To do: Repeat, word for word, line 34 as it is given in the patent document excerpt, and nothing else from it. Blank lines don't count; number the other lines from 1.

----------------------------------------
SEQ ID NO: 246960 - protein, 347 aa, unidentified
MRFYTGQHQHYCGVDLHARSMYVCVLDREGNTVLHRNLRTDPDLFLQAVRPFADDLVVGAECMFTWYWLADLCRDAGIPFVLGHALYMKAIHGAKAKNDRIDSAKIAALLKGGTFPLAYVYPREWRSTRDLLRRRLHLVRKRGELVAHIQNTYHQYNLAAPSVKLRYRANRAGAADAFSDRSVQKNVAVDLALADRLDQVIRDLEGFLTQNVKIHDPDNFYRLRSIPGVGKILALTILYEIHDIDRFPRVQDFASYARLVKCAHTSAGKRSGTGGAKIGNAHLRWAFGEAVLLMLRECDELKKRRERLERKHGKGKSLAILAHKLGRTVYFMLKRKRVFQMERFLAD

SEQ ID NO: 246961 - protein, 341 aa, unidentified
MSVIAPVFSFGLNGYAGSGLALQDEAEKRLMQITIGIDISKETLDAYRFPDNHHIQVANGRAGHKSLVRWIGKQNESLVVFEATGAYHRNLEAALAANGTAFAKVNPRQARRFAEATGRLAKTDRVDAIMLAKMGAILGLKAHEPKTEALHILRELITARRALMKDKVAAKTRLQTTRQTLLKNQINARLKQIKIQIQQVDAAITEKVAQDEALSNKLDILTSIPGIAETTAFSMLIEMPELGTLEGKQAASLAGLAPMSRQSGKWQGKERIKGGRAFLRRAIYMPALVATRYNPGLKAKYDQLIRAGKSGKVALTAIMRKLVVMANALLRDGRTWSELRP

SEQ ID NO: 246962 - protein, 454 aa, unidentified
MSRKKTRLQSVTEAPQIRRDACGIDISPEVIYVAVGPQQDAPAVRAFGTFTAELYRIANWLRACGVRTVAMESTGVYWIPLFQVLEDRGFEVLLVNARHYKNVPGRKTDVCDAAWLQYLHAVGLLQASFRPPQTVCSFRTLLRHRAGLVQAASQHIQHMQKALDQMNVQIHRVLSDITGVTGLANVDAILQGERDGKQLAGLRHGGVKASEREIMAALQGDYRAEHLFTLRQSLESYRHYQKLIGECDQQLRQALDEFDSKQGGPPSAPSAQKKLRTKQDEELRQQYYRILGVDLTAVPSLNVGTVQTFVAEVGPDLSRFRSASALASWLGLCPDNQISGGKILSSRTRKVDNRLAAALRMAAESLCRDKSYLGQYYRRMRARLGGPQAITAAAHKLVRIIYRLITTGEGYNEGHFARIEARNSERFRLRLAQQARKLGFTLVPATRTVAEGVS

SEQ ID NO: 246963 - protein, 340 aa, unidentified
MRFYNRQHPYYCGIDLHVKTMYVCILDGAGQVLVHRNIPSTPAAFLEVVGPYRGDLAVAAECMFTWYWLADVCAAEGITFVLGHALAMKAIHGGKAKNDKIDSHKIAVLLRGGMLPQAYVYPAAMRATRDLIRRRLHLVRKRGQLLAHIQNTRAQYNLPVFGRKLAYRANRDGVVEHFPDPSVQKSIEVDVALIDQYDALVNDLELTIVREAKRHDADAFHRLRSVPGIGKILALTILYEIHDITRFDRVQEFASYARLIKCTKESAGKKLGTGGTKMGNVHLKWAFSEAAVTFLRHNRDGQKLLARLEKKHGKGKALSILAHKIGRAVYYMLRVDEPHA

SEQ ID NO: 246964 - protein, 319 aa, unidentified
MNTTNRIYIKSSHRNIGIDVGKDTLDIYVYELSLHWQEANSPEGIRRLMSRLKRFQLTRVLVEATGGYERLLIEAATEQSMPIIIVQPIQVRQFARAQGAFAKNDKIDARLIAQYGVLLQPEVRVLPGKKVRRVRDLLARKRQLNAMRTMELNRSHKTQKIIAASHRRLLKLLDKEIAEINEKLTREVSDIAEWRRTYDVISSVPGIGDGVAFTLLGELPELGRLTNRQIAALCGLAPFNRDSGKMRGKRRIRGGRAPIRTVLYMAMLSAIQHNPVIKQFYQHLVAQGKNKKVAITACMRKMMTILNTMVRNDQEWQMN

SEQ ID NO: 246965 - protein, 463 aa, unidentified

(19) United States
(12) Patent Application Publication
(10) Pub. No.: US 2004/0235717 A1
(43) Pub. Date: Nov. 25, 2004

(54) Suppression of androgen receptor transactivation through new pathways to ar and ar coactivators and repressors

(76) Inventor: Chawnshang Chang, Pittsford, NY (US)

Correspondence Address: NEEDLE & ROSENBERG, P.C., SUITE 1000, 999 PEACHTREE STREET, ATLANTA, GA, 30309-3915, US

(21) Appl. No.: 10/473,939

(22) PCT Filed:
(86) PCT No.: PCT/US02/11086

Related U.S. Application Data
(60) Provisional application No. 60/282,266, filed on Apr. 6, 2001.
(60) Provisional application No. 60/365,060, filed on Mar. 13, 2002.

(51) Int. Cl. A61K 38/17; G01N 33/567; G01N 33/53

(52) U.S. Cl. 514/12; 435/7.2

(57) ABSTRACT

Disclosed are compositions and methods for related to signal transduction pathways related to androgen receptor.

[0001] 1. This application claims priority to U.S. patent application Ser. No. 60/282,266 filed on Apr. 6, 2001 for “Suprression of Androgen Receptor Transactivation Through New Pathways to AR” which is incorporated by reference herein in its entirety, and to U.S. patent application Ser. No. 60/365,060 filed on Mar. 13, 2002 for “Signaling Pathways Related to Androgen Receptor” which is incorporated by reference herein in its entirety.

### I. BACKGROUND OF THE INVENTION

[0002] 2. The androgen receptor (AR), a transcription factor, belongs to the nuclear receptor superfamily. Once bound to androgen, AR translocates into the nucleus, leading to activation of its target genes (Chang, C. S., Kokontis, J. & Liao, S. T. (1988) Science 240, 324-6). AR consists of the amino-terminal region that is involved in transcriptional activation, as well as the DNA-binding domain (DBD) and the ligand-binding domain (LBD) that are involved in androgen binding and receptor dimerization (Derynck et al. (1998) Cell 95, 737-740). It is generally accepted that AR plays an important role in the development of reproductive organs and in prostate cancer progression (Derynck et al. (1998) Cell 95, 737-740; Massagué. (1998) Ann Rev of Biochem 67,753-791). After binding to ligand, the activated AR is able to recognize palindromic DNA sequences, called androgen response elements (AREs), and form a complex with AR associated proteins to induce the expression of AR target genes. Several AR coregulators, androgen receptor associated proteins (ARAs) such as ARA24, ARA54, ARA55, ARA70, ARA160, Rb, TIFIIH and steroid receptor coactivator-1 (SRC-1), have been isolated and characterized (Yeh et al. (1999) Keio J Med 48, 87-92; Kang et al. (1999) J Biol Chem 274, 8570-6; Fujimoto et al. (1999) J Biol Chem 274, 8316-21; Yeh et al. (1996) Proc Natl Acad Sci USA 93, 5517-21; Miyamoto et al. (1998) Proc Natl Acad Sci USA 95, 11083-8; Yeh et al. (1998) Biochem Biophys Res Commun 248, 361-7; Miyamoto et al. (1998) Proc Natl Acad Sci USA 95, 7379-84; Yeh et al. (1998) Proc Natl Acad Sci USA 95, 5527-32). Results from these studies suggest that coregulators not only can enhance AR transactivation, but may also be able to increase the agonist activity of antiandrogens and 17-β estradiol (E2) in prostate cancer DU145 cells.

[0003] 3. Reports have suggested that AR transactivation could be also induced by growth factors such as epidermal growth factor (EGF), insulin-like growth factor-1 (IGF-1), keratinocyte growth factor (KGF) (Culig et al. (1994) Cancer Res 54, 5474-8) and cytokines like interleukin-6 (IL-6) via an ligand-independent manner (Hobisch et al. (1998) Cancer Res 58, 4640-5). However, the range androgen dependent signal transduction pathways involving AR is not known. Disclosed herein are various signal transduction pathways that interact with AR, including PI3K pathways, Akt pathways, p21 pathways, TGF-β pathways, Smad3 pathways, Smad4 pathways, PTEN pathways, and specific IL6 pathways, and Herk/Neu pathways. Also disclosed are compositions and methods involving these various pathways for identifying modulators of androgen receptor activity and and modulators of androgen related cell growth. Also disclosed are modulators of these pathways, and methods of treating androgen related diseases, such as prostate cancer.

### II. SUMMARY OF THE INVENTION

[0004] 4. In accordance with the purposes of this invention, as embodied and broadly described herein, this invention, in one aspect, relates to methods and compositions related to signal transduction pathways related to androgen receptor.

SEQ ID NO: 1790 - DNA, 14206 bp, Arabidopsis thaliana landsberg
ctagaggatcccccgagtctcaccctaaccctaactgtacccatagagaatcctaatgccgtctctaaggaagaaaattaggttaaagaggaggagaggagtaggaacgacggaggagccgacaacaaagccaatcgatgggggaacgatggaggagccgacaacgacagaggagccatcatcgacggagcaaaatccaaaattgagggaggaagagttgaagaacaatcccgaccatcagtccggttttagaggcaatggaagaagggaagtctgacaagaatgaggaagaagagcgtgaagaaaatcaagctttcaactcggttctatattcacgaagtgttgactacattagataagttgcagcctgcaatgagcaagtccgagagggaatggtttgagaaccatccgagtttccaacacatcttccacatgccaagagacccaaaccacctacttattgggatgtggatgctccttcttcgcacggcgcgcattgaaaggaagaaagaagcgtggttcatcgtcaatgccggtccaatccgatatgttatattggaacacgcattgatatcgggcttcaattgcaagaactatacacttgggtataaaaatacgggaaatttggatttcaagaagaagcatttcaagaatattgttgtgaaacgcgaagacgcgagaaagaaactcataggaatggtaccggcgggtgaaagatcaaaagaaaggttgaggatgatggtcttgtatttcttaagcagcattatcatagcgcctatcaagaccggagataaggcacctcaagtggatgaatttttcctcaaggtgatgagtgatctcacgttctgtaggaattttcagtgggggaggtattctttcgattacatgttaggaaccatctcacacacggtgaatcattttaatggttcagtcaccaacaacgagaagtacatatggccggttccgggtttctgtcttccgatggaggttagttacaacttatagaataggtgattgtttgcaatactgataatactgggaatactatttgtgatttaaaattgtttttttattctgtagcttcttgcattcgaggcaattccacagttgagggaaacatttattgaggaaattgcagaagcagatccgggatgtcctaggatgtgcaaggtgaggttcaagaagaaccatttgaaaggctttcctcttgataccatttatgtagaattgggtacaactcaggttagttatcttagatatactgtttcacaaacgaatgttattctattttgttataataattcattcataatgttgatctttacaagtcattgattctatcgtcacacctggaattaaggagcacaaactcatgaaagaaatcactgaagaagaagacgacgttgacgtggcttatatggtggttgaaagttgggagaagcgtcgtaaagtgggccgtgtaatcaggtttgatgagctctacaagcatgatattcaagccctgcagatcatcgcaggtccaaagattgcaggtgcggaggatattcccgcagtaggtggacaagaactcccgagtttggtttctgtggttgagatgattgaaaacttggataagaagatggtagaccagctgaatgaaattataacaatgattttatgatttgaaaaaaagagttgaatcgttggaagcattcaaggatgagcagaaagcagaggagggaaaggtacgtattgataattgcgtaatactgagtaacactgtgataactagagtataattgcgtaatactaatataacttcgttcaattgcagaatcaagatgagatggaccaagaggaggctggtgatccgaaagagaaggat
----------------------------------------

[0004] 4. In accordance with the purposes of this invention, as embodied and broadly described herein, this invention, in one aspect, relates to methods and compositions related to signal transduction pathways related to androgen receptor.